Anti-Government Clashes In Iran Deadliest Since June
LINDA WERTHEIMER, Host:
This is MORNING EDITION from NPR News. I'm Linda Wertheimer.
STEVE INSKEEP, Host:
The government has imposed tight restrictions on media coverage, but Borzou Daragahi of The Los Angeles Times, he is learning what he can. He was in Iran recently, and joins us now from his basin Beirut. Welcome back to the program, Borzou.
WERTHEIMER: It's my pleasure.
INSKEEP: How did these clashes develop?
DARAGAHI: Well, this was really a weekend of clashes that coincided with not only the culmination of this year's Ashura ceremonies commemorating the martyrdom of Imam Hussein, but also the seventh day of mourning following the death of dissident cleric Ayatollah Hussein-Ali Montazeri. And what we saw was a level of anger and daring and boldness on the part of the protestors that we haven't seen in a while, just really extraordinary scenes and witness descriptions, people confronting the cops, sometimes violently, taking their equipment, trashing their motorcycles and police vehicles. In at least one case, burning down what appeared to be a police substation. We also had a report that one of the Basijy headquarters - the Basijy are the pro-government militia - was also burned down.
INSKEEP: What is the symbolic significance of protesting on this Shiite Muslim holy day that you mentioned?
DARAGAHI: Well, in the seventh century, the Imam Hussein, who was the grandson of the prophet Muhammad, was slain in a battle. And so there's this very interesting parallel between the plight of Imam Hussein, this seventh-century figure, and the current situation now where you have many Iranians believing that their rightful president, Mir Hossein Mousavi, was unjustly usurped from power by a tyrannical force. And so this metaphorical parallel is very powerful to Iranians. And many people in the protests yesterday were using religious slogans, and it was kind of chilling to hear these slogans against the regime, which incorporated both the story of Imam Hussein and Iran's current politics.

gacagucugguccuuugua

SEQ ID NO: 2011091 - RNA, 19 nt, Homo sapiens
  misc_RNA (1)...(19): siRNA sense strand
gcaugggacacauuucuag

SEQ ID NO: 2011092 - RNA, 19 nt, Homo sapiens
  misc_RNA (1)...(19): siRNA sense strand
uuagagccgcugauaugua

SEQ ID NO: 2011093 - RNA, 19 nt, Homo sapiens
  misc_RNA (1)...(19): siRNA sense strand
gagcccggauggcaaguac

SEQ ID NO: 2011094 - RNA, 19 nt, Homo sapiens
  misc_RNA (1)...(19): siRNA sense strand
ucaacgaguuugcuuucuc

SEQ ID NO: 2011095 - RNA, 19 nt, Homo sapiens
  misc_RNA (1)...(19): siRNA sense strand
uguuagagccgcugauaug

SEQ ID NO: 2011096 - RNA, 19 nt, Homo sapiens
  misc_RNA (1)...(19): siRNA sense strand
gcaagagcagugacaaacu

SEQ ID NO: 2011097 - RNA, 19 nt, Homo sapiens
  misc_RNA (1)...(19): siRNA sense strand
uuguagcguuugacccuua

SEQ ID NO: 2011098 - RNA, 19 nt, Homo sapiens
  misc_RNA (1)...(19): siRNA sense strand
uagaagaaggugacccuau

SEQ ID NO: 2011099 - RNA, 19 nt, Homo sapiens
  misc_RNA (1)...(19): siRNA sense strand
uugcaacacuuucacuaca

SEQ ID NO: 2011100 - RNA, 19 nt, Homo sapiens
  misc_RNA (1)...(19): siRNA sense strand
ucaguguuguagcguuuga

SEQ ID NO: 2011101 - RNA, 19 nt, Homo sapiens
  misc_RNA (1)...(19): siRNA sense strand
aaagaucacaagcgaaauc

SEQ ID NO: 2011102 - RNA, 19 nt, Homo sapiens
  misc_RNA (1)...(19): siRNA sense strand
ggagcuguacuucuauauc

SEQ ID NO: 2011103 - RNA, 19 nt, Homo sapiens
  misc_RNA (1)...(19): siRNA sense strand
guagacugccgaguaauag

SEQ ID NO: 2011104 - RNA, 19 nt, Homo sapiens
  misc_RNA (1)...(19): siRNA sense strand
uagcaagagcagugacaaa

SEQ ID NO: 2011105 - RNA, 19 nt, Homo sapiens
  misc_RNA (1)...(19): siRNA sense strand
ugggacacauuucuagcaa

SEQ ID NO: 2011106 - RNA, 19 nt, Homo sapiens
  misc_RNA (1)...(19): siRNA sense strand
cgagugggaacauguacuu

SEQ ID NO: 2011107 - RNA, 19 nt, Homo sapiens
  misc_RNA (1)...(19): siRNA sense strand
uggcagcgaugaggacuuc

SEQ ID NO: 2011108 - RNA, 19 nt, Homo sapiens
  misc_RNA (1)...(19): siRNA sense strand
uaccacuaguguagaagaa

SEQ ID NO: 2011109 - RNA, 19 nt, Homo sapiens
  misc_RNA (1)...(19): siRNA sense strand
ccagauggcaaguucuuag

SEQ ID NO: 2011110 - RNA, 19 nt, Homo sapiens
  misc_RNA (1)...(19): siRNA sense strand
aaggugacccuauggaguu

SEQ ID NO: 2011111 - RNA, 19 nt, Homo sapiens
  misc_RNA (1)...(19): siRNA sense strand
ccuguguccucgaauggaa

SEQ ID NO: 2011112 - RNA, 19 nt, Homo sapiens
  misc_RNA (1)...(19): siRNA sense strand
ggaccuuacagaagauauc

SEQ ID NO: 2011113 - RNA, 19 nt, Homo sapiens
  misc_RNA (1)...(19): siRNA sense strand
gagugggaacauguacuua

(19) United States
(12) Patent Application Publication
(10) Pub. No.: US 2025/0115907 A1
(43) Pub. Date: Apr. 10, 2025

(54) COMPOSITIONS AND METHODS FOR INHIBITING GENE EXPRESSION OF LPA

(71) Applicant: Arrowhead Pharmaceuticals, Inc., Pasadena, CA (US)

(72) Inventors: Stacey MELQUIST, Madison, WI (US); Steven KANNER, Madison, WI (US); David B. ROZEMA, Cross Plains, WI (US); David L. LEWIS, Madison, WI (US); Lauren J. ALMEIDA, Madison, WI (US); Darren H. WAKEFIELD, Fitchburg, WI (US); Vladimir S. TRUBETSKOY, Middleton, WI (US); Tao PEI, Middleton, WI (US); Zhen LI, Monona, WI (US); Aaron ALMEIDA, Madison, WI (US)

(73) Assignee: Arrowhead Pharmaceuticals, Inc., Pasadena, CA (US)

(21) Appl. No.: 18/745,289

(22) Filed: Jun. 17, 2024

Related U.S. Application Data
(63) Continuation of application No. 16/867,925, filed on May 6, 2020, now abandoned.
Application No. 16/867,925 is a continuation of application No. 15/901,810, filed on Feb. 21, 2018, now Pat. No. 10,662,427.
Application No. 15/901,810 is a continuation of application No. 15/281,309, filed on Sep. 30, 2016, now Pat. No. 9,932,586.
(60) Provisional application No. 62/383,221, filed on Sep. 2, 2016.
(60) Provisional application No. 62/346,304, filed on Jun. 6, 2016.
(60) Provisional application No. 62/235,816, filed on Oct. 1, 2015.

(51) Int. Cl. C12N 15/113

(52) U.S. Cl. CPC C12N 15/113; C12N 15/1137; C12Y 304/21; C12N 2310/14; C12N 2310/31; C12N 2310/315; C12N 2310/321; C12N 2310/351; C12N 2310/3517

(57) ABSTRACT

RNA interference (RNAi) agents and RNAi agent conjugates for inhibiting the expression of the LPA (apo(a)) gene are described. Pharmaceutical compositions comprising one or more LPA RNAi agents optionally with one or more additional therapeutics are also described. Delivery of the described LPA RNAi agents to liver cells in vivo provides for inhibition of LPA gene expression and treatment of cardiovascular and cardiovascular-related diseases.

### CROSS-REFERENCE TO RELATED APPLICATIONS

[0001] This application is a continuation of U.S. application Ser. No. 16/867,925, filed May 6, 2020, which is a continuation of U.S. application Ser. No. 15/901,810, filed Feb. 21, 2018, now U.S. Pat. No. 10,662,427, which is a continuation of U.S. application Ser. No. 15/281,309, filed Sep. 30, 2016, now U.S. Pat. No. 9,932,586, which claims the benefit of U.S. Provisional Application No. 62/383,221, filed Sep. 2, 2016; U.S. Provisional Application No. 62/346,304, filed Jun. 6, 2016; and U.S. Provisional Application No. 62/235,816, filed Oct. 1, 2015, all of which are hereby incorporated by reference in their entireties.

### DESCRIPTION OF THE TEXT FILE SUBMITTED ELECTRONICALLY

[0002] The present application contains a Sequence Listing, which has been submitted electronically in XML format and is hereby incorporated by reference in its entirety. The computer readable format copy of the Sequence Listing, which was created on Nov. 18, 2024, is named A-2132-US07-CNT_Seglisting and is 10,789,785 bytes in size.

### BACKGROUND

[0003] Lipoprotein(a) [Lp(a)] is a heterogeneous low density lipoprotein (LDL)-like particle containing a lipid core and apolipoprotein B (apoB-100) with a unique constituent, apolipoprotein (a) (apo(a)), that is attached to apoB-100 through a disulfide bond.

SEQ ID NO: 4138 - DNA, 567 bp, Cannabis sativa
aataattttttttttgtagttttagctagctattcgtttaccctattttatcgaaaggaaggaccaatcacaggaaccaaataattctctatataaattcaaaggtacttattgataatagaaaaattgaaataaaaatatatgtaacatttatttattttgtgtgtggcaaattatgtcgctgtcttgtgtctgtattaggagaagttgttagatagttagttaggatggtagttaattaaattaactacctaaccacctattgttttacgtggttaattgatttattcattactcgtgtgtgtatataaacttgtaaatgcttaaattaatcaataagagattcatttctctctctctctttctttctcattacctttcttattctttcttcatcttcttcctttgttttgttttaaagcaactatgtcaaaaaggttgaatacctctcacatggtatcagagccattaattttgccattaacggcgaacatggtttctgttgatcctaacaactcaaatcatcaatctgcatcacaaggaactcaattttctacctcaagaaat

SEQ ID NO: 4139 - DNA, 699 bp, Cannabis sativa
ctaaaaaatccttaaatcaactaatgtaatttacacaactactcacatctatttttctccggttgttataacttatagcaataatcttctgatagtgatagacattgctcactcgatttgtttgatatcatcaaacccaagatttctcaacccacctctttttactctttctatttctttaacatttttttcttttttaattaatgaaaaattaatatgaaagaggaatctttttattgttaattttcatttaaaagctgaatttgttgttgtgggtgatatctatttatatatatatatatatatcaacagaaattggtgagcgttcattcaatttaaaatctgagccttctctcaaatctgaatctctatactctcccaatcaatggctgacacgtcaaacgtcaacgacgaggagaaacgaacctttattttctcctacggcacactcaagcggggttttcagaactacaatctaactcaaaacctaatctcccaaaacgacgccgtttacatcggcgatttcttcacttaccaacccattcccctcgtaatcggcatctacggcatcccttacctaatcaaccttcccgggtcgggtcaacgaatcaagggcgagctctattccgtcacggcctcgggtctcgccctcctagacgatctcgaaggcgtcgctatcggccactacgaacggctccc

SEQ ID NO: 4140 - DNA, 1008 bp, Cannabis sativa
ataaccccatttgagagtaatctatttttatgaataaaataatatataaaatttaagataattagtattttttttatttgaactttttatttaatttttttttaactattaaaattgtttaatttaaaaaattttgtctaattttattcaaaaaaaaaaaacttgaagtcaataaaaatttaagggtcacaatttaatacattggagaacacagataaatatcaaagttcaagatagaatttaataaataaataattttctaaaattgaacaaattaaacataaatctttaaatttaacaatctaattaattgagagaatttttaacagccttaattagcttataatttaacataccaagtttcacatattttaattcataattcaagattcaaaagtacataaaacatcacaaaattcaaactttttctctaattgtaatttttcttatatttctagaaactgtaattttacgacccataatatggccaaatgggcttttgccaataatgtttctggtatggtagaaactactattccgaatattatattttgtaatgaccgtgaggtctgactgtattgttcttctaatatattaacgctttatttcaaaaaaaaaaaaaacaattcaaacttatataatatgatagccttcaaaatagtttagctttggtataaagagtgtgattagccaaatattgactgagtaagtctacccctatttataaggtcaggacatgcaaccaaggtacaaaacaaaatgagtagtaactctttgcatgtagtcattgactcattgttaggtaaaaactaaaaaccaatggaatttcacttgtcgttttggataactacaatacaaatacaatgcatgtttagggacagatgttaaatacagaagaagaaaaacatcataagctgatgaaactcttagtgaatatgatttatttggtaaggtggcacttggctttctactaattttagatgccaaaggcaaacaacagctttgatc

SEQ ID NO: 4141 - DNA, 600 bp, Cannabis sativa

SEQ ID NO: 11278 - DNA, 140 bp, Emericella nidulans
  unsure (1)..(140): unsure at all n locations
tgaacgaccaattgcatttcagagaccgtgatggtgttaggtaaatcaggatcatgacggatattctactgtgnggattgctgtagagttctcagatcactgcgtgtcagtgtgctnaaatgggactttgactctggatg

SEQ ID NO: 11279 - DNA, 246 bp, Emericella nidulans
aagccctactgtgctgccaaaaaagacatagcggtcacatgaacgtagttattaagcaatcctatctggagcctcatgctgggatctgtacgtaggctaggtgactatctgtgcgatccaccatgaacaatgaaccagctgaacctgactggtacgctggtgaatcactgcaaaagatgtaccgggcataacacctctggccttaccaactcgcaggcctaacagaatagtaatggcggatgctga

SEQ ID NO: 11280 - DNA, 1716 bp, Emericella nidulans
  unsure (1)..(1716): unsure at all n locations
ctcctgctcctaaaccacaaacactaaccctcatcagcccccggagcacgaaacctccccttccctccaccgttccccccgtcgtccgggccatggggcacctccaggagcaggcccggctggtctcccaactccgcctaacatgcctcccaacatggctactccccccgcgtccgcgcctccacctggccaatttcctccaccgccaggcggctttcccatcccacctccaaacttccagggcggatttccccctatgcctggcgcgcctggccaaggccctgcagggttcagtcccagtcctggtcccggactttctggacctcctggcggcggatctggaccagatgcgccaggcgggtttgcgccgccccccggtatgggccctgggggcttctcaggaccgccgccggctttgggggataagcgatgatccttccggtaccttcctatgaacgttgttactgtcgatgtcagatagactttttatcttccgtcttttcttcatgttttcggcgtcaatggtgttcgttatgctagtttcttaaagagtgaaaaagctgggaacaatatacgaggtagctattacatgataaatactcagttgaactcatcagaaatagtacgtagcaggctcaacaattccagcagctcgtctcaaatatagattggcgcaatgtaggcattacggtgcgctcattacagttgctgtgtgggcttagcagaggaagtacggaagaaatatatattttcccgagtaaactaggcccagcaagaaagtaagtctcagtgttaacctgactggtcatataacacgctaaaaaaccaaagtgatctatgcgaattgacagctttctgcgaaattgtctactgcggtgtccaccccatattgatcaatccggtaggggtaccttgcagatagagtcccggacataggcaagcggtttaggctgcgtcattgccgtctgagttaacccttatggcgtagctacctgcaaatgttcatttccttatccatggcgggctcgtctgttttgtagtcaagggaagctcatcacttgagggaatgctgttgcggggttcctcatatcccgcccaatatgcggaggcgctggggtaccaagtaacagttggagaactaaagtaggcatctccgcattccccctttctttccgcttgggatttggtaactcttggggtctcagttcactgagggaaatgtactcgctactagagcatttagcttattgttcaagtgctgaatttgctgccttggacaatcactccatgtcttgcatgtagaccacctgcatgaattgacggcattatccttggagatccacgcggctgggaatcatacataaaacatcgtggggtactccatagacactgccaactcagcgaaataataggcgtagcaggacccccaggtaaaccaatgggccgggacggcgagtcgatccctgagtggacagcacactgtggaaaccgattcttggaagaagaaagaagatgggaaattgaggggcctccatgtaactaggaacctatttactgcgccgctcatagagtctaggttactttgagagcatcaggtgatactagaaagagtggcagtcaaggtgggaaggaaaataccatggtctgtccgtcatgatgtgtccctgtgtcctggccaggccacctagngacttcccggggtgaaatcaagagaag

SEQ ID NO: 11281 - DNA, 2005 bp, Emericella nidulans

INSKEEP: You know, when you talk about this, I'm reminded of one of the challenges for Iran's government. You do have a branch of Islam that is steeped in martyrdom, right back to its first moments. And I suppose that makes it challenging for the government to crack down. If you kill a protestor, say, that person is made into a martyr automatically.
DARAGAHI: Indeed, this is one of the drawbacks of yesterday's violence, as far as the government is concerned. Now, the government is facing this potential cycle of unrest associated with the third, seventh and 40th days following the deaths of the people who were in the protests, including the nephew of opposition figurehead Mir Hossein Mousavi. His name is Ali Mousavi, or Ali Habibi Mousavi. And now there are calls to turn his religiously significant mourning days into more protests. It was this type of rolling protests linked to mourning ceremonies that ultimately dislodged Iranian former monarch Shah Mohammad Reza Pahlavi in the late '70s.
INSKEEP: Borzou, because the government is cracking down somewhat on information, I'd like to ask how it is that we know what it is we're describing here?
DARAGAHI: I mean, the protestors themselves are so brave, they get on the phone or get on Skype or get on Facebook, and immediately after they see something or do something, they send messages out to the rest of the world. In addition, they're videotaping themselves. This is kind of like the YouTube generation protest movement, because as they confront the cops or burn down a police vehicle, they're taping it and then immediately going to an Internet cafe or to their own homes and uploading it.
INSKEEP: Borzou Daragahi of The Los Angeles Times, thanks very much.
DARAGAHI: It's been a pleasure.
NPR transcripts are created on a rush deadline by Verb8tm, Inc., an NPR contractor, and produced using a proprietary transcription process developed with NPR. This text may not be in its final form and may be updated or revised in the future. Accuracy and availability may vary. The authoritative record of NPR’s programming is the audio record.